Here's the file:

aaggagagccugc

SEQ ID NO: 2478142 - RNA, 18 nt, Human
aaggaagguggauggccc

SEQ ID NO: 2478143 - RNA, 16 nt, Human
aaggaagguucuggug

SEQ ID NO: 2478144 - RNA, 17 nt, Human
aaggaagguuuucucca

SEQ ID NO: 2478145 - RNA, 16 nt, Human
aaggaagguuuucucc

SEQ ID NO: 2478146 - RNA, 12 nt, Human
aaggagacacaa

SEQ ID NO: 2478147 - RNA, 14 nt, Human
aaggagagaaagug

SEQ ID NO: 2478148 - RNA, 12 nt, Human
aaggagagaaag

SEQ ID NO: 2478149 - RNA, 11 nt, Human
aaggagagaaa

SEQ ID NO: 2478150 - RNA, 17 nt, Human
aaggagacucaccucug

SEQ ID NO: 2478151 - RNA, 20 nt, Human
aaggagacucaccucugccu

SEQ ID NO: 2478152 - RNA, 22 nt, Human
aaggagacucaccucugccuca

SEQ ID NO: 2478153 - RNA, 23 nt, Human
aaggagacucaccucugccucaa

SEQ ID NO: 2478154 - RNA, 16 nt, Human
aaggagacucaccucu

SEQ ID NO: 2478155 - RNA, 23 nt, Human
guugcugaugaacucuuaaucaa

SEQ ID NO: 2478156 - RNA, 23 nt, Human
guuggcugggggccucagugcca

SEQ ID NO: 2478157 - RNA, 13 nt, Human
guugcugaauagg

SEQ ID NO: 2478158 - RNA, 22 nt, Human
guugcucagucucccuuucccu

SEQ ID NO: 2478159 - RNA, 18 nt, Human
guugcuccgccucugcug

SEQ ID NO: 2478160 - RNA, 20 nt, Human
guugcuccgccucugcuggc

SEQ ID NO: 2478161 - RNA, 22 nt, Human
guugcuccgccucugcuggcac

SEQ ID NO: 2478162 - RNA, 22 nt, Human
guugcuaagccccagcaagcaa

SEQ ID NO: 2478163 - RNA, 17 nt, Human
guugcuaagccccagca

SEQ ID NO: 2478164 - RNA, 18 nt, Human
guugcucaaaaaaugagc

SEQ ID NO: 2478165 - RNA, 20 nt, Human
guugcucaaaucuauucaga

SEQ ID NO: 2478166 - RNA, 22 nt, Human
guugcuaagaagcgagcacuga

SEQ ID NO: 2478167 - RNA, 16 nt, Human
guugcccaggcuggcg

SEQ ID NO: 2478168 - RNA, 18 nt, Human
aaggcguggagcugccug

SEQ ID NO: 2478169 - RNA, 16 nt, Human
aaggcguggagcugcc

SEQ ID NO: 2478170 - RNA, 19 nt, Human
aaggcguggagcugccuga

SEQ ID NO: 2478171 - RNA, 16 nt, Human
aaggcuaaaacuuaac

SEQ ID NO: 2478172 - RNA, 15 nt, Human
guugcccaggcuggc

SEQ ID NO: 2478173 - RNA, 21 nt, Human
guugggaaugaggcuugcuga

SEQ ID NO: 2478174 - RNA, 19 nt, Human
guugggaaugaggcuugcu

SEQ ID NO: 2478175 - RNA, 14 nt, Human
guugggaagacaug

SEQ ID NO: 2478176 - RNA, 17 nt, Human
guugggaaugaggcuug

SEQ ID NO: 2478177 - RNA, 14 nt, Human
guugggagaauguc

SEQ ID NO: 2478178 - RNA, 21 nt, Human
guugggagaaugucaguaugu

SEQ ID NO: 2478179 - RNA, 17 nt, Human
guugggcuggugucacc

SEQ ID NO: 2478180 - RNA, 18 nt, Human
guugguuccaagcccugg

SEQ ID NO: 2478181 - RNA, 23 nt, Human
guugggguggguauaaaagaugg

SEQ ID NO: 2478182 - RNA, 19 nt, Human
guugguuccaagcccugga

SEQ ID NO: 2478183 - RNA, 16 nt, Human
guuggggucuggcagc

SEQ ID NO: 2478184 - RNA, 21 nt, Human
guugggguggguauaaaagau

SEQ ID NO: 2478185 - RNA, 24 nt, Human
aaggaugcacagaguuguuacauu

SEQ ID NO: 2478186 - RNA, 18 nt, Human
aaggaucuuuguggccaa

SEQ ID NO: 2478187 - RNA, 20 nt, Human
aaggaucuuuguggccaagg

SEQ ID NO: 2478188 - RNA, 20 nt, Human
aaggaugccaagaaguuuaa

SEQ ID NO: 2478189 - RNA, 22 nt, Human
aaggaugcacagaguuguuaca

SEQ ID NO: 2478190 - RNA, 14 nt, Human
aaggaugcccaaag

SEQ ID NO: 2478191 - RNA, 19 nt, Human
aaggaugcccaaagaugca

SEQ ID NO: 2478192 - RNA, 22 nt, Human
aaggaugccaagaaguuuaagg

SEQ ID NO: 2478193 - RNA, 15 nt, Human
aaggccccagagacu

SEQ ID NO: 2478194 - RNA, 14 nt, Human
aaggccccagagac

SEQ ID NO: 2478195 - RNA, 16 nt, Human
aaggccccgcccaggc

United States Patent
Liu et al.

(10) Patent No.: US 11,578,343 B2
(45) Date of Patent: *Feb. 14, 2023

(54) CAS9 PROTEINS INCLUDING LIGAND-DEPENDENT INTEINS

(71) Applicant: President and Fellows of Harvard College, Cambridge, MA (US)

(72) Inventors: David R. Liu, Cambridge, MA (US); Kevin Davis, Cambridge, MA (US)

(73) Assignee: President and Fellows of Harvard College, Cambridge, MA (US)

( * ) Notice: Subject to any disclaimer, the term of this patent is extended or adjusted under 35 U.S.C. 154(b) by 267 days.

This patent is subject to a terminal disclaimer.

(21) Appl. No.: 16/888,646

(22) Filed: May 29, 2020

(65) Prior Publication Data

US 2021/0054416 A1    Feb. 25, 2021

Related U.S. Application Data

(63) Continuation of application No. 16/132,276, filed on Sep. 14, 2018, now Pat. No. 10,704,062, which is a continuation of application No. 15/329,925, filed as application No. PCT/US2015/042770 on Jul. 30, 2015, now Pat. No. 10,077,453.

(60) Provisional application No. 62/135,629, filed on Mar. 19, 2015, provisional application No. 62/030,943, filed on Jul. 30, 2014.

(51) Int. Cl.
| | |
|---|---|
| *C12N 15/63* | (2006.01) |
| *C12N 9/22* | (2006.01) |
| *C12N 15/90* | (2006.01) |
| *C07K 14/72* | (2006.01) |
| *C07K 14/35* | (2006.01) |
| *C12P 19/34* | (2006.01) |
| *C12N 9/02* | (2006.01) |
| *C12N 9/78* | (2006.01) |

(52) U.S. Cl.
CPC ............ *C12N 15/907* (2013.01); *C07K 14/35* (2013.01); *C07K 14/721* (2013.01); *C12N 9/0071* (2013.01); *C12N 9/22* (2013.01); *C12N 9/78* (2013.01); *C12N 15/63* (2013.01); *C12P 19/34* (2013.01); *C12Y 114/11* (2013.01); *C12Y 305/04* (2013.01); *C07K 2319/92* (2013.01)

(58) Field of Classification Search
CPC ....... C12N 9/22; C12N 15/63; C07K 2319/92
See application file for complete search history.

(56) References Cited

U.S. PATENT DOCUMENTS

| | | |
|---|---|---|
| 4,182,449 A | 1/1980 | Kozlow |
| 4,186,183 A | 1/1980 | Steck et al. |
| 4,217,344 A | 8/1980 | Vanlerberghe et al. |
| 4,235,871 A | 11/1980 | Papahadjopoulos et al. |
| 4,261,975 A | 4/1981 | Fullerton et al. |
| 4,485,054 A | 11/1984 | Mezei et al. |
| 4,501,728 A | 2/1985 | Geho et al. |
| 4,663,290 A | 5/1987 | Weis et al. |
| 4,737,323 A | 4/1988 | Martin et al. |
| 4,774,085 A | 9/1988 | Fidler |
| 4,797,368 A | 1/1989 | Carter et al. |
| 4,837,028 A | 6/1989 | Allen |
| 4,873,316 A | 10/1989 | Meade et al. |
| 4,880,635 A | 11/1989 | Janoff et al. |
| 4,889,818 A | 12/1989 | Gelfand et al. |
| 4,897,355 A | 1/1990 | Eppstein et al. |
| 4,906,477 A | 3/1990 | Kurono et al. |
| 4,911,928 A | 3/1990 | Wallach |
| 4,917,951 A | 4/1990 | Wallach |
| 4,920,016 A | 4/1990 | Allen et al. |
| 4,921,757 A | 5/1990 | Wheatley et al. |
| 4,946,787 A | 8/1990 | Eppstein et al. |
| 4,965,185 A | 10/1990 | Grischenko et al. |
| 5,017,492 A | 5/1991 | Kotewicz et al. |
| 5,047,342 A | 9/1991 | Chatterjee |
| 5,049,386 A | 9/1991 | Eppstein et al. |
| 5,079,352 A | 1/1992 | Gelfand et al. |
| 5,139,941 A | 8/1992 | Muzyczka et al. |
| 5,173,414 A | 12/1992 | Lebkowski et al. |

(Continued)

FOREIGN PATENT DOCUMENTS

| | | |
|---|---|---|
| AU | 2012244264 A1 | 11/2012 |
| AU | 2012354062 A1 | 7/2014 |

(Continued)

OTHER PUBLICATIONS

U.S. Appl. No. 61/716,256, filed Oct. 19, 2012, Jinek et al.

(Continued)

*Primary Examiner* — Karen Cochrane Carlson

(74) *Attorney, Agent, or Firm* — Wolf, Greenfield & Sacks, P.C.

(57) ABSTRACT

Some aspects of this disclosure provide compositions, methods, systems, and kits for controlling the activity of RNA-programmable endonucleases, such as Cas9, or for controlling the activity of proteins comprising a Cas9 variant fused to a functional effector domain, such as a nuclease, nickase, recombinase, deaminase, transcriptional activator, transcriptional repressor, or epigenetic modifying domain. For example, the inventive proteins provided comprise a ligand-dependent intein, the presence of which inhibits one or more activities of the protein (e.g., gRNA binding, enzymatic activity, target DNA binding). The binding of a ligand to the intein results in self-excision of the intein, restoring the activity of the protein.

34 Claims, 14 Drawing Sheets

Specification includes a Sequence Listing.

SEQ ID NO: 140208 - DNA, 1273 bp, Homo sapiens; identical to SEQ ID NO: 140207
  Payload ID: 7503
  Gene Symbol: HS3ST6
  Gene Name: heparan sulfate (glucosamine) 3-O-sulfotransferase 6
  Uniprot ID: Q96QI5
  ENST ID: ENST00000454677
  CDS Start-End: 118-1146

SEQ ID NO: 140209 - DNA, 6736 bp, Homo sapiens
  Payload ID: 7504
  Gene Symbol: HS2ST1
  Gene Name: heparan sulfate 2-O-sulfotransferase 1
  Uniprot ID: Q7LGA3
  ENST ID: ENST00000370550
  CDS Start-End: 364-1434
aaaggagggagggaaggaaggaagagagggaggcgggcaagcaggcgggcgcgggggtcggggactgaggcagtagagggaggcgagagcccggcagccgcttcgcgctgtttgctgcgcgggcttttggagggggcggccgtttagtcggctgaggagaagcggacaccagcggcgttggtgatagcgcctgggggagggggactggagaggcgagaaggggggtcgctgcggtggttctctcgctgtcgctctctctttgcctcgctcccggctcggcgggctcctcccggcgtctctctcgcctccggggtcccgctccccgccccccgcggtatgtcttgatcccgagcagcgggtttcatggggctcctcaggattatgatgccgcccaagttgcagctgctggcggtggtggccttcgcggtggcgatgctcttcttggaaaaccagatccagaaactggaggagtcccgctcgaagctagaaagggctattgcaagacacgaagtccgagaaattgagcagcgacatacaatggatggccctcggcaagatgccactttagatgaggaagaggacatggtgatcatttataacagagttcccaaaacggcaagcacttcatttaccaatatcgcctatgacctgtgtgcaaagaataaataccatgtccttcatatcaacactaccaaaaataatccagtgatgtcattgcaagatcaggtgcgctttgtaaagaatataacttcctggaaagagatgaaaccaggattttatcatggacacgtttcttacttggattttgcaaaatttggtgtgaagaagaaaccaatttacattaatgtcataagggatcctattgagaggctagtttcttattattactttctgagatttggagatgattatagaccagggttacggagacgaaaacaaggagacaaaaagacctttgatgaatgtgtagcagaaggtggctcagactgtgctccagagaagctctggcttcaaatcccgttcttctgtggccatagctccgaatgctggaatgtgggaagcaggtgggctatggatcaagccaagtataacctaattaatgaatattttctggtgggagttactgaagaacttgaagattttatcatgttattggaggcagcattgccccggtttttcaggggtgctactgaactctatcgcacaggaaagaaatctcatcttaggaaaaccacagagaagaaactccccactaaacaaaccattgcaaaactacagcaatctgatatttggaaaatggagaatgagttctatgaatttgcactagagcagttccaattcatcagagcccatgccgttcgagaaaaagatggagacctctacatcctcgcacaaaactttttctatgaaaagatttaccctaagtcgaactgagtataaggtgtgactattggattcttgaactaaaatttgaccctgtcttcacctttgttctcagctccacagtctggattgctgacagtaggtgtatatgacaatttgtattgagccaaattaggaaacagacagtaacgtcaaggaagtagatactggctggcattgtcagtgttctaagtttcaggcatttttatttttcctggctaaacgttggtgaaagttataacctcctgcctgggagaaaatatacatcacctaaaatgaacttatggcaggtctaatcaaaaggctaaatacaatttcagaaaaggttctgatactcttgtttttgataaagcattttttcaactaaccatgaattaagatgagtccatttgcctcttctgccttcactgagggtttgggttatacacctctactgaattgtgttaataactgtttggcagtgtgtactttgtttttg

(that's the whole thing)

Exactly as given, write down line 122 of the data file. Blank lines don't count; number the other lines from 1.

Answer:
(65) Prior Publication Data